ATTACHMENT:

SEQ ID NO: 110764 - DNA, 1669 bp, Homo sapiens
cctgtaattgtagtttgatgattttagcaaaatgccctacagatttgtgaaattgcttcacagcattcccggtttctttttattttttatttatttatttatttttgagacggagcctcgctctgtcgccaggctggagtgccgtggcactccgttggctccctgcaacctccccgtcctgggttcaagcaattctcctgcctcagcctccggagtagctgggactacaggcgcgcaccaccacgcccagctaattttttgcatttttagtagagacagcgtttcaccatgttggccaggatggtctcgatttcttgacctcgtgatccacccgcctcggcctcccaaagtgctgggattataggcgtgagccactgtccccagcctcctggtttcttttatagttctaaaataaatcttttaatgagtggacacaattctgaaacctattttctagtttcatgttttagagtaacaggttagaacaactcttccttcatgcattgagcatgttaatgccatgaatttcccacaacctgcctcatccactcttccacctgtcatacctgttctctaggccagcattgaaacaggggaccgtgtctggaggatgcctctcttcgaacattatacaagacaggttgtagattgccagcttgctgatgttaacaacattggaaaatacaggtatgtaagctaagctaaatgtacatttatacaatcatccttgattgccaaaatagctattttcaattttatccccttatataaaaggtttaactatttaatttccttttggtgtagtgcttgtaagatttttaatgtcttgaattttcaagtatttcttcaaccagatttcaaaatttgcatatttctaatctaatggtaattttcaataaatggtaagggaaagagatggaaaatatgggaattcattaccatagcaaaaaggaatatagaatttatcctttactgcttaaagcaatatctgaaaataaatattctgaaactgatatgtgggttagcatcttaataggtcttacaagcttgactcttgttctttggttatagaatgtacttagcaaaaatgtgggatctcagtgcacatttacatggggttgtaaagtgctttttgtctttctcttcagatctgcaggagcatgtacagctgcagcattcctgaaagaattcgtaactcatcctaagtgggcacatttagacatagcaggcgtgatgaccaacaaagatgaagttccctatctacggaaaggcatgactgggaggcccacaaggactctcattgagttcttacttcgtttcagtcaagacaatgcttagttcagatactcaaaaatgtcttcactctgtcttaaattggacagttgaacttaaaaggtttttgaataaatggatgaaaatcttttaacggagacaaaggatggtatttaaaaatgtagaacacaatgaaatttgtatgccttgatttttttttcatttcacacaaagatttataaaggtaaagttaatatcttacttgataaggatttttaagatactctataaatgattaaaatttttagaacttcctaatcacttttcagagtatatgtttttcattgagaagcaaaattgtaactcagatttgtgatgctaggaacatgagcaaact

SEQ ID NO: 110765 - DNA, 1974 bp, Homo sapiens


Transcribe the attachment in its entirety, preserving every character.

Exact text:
SEQ ID NO: 110764 - DNA, 1669 bp, Homo sapiens
cctgtaattgtagtttgatgattttagcaaaatgccctacagatttgtgaaattgcttcacagcattcccggtttctttttattttttatttatttatttatttttgagacggagcctcgctctgtcgccaggctggagtgccgtggcactccgttggctccctgcaacctccccgtcctgggttcaagcaattctcctgcctcagcctccggagtagctgggactacaggcgcgcaccaccacgcccagctaattttttgcatttttagtagagacagcgtttcaccatgttggccaggatggtctcgatttcttgacctcgtgatccacccgcctcggcctcccaaagtgctgggattataggcgtgagccactgtccccagcctcctggtttcttttatagttctaaaataaatcttttaatgagtggacacaattctgaaacctattttctagtttcatgttttagagtaacaggttagaacaactcttccttcatgcattgagcatgttaatgccatgaatttcccacaacctgcctcatccactcttccacctgtcatacctgttctctaggccagcattgaaacaggggaccgtgtctggaggatgcctctcttcgaacattatacaagacaggttgtagattgccagcttgctgatgttaacaacattggaaaatacaggtatgtaagctaagctaaatgtacatttatacaatcatccttgattgccaaaatagctattttcaattttatccccttatataaaaggtttaactatttaatttccttttggtgtagtgcttgtaagatttttaatgtcttgaattttcaagtatttcttcaaccagatttcaaaatttgcatatttctaatctaatggtaattttcaataaatggtaagggaaagagatggaaaatatgggaattcattaccatagcaaaaaggaatatagaatttatcctttactgcttaaagcaatatctgaaaataaatattctgaaactgatatgtgggttagcatcttaataggtcttacaagcttgactcttgttctttggttatagaatgtacttagcaaaaatgtgggatctcagtgcacatttacatggggttgtaaagtgctttttgtctttctcttcagatctgcaggagcatgtacagctgcagcattcctgaaagaattcgtaactcatcctaagtgggcacatttagacatagcaggcgtgatgaccaacaaagatgaagttccctatctacggaaaggcatgactgggaggcccacaaggactctcattgagttcttacttcgtttcagtcaagacaatgcttagttcagatactcaaaaatgtcttcactctgtcttaaattggacagttgaacttaaaaggtttttgaataaatggatgaaaatcttttaacggagacaaaggatggtatttaaaaatgtagaacacaatgaaatttgtatgccttgatttttttttcatttcacacaaagatttataaaggtaaagttaatatcttacttgataaggatttttaagatactctataaatgattaaaatttttagaacttcctaatcacttttcagagtatatgtttttcattgagaagcaaaattgtaactcagatttgtgatgctaggaacatgagcaaact

SEQ ID NO: 110765 - DNA, 1974 bp, Homo sapiens